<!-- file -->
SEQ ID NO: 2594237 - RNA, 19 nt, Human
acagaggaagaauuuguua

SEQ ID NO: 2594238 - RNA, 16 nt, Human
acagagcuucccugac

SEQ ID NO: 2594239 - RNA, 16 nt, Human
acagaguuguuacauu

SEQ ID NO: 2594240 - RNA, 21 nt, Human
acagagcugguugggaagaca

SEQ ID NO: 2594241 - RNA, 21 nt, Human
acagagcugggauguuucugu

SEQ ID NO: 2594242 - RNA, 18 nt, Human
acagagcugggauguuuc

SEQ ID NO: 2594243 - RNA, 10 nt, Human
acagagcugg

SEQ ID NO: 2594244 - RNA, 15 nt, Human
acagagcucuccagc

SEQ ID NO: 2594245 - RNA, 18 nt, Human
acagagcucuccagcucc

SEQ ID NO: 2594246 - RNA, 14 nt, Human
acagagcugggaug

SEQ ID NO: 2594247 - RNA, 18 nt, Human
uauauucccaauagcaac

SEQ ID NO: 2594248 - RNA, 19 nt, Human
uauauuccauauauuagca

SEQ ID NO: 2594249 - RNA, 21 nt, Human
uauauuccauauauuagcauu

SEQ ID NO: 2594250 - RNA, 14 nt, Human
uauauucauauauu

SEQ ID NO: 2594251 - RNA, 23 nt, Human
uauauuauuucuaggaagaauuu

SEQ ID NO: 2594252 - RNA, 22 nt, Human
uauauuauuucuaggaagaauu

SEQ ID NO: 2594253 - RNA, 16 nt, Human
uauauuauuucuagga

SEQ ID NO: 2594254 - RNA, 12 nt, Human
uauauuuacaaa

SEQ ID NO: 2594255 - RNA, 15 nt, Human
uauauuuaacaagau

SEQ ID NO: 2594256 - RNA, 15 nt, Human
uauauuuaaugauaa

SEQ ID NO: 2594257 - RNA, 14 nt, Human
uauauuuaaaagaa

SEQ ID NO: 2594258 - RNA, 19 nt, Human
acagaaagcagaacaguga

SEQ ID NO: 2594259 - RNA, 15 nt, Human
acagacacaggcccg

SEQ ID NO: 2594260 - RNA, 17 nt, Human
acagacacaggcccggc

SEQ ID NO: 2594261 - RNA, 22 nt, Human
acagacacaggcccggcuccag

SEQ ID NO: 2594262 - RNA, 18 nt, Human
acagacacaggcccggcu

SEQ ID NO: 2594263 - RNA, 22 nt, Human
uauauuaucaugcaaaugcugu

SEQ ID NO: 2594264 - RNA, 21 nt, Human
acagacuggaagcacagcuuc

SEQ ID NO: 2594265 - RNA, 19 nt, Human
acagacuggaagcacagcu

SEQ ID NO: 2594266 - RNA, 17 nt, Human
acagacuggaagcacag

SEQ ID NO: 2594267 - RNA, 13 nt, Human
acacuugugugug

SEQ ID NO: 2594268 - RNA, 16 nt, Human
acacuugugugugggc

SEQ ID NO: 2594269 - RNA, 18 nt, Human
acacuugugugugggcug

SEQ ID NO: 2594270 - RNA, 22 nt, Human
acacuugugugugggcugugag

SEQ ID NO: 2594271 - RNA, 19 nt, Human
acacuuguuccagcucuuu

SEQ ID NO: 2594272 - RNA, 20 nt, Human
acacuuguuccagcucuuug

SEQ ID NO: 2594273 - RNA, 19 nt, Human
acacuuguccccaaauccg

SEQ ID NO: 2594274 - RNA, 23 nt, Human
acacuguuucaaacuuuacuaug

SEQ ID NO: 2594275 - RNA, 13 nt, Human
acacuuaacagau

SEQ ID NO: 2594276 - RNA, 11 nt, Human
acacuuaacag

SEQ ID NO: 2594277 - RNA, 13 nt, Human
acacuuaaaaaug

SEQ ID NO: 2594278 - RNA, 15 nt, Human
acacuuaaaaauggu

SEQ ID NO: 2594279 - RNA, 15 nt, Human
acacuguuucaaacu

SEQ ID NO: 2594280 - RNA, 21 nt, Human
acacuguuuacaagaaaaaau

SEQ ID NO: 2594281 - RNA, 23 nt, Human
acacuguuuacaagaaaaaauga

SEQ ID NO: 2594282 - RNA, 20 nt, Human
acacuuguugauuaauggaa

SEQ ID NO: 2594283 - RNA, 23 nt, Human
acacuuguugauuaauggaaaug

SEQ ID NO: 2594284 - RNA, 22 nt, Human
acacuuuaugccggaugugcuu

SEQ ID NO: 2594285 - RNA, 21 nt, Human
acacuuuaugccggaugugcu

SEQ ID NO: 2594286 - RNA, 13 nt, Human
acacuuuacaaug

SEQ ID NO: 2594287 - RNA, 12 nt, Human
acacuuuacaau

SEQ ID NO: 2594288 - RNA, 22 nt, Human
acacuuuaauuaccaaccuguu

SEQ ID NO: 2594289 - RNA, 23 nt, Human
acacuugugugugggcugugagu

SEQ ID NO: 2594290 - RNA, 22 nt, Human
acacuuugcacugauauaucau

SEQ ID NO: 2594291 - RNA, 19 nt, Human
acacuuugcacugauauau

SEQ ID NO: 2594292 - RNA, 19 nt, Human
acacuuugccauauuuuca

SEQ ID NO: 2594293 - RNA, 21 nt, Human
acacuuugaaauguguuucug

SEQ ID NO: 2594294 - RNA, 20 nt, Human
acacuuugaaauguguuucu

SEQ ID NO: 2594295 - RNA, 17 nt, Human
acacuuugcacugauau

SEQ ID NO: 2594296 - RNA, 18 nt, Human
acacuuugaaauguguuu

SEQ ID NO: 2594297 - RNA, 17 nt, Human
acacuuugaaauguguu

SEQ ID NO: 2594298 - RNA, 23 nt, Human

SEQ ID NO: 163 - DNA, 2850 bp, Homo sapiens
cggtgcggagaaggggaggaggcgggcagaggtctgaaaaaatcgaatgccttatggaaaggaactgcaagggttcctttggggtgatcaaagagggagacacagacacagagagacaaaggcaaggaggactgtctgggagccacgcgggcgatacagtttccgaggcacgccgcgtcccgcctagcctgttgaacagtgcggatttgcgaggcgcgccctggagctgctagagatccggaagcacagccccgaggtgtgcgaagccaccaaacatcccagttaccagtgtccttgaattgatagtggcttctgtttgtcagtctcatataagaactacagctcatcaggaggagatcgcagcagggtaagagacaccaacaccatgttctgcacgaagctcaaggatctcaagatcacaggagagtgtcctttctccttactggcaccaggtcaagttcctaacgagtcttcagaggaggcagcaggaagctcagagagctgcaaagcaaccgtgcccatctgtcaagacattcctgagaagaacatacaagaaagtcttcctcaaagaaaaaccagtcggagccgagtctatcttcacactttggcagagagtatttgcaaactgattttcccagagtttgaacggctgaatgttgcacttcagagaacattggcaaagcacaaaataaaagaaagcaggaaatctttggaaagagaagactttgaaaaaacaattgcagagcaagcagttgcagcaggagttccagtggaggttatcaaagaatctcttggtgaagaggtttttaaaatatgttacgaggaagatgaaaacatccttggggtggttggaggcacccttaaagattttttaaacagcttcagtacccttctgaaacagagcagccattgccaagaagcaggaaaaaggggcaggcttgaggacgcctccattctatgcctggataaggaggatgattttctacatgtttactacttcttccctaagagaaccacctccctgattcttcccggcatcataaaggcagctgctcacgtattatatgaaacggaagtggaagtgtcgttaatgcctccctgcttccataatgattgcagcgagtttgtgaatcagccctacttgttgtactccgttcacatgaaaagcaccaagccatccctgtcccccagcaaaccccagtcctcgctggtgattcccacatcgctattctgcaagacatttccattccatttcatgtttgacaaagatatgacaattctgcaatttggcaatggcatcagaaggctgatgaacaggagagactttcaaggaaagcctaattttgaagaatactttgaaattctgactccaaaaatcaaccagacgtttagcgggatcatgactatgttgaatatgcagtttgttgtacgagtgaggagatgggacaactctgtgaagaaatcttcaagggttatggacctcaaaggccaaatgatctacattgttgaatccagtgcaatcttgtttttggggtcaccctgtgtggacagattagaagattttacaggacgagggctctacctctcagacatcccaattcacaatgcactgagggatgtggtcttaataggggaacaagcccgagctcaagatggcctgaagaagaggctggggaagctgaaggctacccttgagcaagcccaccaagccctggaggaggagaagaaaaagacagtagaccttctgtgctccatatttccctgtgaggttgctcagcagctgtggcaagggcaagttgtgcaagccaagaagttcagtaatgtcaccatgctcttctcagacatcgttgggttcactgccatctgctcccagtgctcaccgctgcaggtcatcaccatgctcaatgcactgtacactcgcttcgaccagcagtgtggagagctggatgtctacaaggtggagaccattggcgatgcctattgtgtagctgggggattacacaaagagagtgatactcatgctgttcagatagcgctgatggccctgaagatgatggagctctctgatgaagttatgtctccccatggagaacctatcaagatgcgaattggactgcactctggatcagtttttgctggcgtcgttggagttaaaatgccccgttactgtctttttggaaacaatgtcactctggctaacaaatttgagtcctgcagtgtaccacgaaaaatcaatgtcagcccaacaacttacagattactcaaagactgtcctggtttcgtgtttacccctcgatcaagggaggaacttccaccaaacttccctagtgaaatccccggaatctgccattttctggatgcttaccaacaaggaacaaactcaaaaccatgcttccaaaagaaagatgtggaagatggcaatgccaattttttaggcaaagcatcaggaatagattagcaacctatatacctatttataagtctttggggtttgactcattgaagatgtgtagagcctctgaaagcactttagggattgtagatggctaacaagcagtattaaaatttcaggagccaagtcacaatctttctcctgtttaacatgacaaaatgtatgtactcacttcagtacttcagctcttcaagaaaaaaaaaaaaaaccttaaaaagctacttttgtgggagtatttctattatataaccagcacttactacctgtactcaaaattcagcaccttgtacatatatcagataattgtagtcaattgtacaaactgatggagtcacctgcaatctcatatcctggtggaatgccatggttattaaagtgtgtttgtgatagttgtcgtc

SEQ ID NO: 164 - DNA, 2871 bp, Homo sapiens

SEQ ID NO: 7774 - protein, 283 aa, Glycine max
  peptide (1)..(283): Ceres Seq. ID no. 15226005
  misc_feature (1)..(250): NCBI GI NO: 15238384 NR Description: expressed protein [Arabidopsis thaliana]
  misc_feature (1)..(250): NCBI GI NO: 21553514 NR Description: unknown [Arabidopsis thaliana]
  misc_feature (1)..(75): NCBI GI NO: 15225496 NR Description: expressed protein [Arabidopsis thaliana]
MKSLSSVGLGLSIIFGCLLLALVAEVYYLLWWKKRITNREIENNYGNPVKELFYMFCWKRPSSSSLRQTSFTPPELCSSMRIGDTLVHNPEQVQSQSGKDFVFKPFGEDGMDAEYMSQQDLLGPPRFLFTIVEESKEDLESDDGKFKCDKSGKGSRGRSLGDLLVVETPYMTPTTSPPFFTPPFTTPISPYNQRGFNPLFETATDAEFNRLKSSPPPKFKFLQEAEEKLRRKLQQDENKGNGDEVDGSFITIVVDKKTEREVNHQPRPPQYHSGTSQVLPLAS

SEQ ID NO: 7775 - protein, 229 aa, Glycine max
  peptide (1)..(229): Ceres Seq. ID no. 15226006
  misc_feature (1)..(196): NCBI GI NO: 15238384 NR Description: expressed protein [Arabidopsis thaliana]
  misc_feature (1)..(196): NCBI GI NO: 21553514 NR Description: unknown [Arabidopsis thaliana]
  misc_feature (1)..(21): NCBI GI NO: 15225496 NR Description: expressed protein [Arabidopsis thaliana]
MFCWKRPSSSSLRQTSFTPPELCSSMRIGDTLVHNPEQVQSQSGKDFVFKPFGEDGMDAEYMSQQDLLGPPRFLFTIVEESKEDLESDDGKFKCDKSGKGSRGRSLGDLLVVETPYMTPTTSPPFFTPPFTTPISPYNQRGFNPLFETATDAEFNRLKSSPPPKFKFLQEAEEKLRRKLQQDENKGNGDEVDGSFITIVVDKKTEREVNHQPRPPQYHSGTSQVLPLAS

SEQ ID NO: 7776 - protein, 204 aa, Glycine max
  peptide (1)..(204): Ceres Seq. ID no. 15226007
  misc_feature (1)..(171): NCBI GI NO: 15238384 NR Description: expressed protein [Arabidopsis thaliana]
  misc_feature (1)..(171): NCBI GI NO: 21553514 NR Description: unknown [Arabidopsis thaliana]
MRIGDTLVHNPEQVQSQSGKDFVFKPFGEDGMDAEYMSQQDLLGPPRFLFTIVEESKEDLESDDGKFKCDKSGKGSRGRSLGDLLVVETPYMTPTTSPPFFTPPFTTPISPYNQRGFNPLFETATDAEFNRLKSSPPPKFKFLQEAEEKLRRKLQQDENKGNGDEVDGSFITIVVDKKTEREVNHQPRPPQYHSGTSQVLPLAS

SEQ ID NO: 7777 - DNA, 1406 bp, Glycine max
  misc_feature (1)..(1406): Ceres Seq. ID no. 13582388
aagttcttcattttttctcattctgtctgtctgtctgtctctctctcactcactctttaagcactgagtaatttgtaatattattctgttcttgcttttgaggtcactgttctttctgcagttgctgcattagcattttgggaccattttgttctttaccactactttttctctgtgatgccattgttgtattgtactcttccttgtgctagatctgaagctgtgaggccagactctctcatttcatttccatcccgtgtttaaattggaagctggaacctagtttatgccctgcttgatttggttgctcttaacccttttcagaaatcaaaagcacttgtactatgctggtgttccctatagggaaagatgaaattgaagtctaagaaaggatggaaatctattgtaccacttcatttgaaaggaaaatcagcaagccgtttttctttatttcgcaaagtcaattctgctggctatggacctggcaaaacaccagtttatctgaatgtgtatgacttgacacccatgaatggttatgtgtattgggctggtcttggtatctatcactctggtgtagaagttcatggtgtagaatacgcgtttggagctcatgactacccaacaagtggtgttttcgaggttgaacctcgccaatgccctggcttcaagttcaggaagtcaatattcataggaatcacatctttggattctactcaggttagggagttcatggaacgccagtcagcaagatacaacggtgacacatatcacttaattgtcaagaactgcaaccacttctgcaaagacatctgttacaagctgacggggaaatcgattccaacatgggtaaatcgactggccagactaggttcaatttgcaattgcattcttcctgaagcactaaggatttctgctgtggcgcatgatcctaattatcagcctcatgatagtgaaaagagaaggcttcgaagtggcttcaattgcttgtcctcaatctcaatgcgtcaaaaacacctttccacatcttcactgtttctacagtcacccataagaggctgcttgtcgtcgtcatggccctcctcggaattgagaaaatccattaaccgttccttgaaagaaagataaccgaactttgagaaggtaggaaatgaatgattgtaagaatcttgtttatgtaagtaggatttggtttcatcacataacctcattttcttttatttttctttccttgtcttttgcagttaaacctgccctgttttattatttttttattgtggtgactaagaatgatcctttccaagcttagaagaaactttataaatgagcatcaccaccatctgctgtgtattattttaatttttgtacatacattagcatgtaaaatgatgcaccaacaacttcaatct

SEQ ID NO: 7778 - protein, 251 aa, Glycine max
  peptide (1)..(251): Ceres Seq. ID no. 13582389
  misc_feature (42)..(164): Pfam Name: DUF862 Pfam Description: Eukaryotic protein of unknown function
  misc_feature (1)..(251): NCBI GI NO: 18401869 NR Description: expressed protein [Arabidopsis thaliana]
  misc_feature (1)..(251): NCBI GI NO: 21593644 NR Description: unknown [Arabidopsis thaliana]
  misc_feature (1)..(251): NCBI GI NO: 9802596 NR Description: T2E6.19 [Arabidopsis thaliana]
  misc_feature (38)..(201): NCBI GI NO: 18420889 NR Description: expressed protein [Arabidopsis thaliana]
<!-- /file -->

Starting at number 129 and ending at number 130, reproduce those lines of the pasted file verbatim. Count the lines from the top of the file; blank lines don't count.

  misc_feature (1)..(250): NCBI GI NO: 15238384 NR Description: expressed protein [Arabidopsis thaliana]
  misc_feature (1)..(250): NCBI GI NO: 21553514 NR Description: unknown [Arabidopsis thaliana]